Such power comes from the Holy Spirit who dwells within, “in your inner being.”  Such Spirit given power is absolutely essential given the daily challenges to our faith.  Everything in our world militates against a truly Christ centered faith, so it is nearly impossible to “live by faith in the Son of God who loved me and gave himself for me.”  (Gal. 2:20)   But now, there’s a problem with Paul’s deep prayer.  Why does Paul pray that Christ “may dwell in your hearts?”  Doesn’t Christ already dwell in our hearts?  Galatians 2:20 says “Christ lives in me.”  So why does Paul pray this?  Because our experience of Christ’s indwelling depends on our faith.  Without faith we will not be aware of Christ’s presence, we won’t rely on him, we won’t enjoy fellowship with him, and we won’t center our lives in him.  If Christ does not dwell in our hearts through faith, the rest of Paul’s prayer and, indeed, the entire Christian life are impossible.

Paul’s next petition has to do with love, not power, although he prays for the power to know that love, “that (hina) you may have power… to grasp… and to know the love of Christ….”  Again, his petition is amazingly complex.   The clause just before that hiva, “being rooted and established in love,” tells us a very important thing about understanding the love of Christ.  Unless we have love and are loved, we cannot understand God’s love.  But of course, we have love and are loved because God first loved us.  William Hendriksen says that this circle of love is “the most blessed chain reaction in the universe.”  The practical impact of this theological mystery is that those whose love is shallow and shaky (not “rooted and established”) will not be able to understand the love of Christ.  If God’s gift of love has been distorted or damaged by a lack of love in our upbringing, it is almost impossible for us to ever understand the love of Christ.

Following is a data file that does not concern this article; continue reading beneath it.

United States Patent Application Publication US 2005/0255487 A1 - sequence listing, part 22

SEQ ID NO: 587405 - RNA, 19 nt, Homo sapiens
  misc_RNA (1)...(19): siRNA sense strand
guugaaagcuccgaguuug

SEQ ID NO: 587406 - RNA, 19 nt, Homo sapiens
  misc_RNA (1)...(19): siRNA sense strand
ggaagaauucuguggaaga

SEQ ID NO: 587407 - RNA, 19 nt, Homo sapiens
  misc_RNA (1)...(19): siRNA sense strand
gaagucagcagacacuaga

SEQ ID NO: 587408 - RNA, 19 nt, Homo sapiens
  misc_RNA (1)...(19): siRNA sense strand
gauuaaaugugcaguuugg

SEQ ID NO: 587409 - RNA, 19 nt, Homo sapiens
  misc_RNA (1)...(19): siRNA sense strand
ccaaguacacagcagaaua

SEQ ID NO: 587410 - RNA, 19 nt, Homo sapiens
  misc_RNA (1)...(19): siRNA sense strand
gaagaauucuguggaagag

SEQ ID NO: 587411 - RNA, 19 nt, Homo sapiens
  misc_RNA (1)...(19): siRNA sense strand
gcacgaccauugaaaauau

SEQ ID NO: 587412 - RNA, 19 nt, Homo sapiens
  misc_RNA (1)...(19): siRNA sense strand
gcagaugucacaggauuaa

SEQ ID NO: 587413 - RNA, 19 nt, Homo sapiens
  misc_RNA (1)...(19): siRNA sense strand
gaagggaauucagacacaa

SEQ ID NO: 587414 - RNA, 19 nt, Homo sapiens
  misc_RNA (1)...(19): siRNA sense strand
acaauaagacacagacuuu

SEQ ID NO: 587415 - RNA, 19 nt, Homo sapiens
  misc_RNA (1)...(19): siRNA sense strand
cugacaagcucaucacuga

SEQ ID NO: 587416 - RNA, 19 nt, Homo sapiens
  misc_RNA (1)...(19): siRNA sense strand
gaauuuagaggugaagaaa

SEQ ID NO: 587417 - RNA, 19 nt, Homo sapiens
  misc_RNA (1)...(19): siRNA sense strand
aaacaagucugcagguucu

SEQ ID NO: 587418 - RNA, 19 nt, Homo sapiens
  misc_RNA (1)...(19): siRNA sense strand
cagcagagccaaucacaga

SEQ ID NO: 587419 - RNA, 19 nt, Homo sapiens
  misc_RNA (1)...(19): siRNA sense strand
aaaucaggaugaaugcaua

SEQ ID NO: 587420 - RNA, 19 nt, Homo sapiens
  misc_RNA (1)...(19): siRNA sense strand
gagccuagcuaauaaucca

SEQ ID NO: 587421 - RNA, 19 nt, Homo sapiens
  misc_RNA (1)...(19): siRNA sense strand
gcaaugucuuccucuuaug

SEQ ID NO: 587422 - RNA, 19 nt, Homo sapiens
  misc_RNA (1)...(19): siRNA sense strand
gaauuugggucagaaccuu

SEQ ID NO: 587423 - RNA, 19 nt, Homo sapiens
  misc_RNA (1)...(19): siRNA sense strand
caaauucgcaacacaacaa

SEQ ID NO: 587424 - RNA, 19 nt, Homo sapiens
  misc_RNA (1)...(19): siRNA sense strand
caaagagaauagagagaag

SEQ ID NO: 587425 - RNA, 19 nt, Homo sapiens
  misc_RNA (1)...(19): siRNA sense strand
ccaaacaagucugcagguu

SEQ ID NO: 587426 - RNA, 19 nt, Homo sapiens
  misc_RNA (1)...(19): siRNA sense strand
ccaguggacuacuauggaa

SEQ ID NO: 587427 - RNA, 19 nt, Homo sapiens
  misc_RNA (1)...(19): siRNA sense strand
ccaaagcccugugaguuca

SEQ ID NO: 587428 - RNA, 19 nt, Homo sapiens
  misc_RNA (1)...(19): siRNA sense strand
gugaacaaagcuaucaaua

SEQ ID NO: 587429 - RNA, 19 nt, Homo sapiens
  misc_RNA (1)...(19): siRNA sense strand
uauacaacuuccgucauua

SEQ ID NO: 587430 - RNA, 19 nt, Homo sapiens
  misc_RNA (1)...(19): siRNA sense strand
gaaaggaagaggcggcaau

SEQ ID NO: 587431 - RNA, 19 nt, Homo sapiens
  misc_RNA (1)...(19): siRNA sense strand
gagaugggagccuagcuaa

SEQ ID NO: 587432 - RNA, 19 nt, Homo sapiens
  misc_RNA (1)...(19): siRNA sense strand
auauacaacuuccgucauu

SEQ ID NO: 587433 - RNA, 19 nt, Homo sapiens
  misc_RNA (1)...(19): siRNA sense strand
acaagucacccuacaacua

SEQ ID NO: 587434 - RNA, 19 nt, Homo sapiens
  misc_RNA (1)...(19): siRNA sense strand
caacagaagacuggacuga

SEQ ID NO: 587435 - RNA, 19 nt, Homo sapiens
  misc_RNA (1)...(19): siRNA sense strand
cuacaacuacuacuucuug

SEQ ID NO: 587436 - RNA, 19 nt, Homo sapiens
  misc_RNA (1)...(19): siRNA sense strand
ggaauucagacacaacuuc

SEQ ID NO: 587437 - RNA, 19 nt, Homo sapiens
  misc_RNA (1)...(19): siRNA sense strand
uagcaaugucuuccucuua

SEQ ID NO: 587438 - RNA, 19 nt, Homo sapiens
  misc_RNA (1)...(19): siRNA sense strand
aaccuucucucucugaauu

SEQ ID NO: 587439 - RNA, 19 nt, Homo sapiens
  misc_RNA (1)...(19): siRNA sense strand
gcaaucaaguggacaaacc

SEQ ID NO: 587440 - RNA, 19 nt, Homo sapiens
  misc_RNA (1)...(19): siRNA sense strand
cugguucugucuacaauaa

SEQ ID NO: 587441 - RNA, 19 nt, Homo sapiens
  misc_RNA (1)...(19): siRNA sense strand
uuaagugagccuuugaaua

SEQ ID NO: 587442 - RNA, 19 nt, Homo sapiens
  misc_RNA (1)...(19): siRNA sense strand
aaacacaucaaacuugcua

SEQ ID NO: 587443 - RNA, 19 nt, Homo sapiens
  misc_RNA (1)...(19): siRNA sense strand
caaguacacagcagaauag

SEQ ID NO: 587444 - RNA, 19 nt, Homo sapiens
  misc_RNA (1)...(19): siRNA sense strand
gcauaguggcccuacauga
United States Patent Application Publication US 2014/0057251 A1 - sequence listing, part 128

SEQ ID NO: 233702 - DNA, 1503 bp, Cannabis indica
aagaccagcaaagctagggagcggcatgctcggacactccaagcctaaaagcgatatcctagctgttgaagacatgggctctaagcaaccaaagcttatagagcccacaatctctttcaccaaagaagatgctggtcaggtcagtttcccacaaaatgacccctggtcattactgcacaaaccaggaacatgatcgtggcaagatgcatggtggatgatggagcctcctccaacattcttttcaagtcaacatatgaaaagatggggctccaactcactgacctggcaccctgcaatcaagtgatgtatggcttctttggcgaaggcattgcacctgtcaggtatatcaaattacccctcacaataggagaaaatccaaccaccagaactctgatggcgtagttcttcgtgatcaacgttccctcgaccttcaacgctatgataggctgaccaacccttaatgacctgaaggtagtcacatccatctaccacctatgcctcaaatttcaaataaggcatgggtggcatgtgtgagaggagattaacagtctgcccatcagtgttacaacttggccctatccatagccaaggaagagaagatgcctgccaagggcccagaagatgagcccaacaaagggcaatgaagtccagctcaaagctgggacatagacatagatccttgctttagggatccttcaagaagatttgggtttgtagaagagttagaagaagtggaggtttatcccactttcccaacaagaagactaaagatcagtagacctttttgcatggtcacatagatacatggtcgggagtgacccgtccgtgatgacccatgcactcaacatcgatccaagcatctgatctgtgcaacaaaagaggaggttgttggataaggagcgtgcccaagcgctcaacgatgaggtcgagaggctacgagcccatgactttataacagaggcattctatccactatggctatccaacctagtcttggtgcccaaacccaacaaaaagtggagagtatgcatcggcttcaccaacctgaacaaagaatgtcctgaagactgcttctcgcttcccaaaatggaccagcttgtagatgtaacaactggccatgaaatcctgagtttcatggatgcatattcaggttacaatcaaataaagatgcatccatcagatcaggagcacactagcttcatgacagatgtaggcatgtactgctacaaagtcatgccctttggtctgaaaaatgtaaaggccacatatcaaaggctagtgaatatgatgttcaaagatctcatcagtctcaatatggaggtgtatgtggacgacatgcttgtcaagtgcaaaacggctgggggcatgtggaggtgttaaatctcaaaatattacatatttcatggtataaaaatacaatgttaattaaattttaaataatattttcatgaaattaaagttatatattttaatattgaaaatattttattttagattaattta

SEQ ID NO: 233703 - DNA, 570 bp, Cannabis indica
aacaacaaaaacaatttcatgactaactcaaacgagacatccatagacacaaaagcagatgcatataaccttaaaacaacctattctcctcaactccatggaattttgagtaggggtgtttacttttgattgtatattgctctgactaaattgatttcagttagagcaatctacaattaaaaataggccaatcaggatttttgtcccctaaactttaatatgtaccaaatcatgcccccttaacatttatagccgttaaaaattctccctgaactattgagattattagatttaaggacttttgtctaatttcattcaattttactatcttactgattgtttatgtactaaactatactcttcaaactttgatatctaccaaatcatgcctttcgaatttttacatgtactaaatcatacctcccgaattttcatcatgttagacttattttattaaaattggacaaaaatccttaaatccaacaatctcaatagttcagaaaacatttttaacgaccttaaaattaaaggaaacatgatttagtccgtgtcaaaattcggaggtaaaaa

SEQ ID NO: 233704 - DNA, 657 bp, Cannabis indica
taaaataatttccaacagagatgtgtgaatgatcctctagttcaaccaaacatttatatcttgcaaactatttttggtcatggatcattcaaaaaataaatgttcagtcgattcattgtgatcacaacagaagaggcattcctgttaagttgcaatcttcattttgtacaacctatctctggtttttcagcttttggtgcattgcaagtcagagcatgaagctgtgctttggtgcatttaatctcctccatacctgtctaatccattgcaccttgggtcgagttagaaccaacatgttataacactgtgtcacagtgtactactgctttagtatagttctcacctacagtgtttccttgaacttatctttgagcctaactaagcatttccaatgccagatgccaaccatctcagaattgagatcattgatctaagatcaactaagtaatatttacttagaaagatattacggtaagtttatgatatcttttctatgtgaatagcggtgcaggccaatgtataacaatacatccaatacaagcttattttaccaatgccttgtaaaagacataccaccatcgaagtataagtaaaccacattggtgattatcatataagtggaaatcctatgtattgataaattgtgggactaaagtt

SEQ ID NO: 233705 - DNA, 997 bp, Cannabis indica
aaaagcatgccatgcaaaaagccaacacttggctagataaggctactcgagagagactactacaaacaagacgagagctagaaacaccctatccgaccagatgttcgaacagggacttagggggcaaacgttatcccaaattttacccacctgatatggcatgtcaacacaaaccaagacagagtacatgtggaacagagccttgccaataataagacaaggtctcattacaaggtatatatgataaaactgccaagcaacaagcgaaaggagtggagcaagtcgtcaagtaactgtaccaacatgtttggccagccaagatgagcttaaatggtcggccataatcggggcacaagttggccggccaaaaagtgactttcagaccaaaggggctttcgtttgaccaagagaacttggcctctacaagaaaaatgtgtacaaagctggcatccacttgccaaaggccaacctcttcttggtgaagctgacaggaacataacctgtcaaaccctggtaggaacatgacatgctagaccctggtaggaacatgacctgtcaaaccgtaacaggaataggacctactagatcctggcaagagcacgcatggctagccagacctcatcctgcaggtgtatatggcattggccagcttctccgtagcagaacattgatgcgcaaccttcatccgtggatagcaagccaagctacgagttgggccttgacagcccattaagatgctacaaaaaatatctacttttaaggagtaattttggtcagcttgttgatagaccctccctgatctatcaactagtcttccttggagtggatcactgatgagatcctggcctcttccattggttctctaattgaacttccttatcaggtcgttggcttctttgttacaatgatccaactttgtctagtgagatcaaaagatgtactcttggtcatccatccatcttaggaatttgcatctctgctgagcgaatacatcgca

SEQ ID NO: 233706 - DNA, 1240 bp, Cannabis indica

Except that the power of God is able to overcome our upbringing.  That’s why Paul prays for power here, and links that power with the church (“together with all the saints”).  God created the church so that together we can come to know the love of Christ.  This second family, this “one new man out of the two (2:15)” is designed by God to give us a new experience of love that will usher us into the love of Christ.  Yes, I know that is terribly idealistic, and it happens far too seldom.  But that is God’s idea.  Here Paul prays that God’s idea may happen more and more, so that all of us “may have power, together with all the saints, to grasp… and to know the love [of Christ].”

This second petition calls for careful interpretation.  For one thing, note that Paul is not talking about the love of God in general, but about the love of Christ.  And this is not our love for Christ, but his love for us.  That’s what he wants us to understand.  That’s what we need to understand if we are ever going to live by faith in the Son of God.  The main reason we don’t trust him and obey him always is that we don’t really don’t grasp how much he loves us.  We say we believe it; we sing, “Jesus loves me, this I know.”  But we don’t really know it, not deeply, not always.  We don’t grasp, in Paul’s words, “how wide and long and high and deep is the love of Christ.”  Be careful as you preach that clause; don’t try to parse each adjective there.  Paul is multiplying words to give us a sense of the magnitude of Christ’s love.  And, be aware that the words “the love of Christ” aren’t found where the NIV puts them (after the “wide” and “deep”).  That’s probably what Paul meant, but he might also have been referring to God himself.

The words “the love of Christ” are found at the very end of this hina clause for emphasis.  It’s as though Paul is saying, “This is what I’m talking about with all my words.  I want you to know the love of Christ.”  Of course, you can’t know that love completely, because it surpasses knowledge.  The Greek there is uperballousan gvoseos, meaning that this is a love that is way over your head.  You can’t wrap your head around it; it is literally incomprehensible. That doesn’t mean it is nonsense or non-existent.  It means that you can know it by experience, in ways that can’t be fully understood or expressed.  I want you to have the full experience of Christ’s love.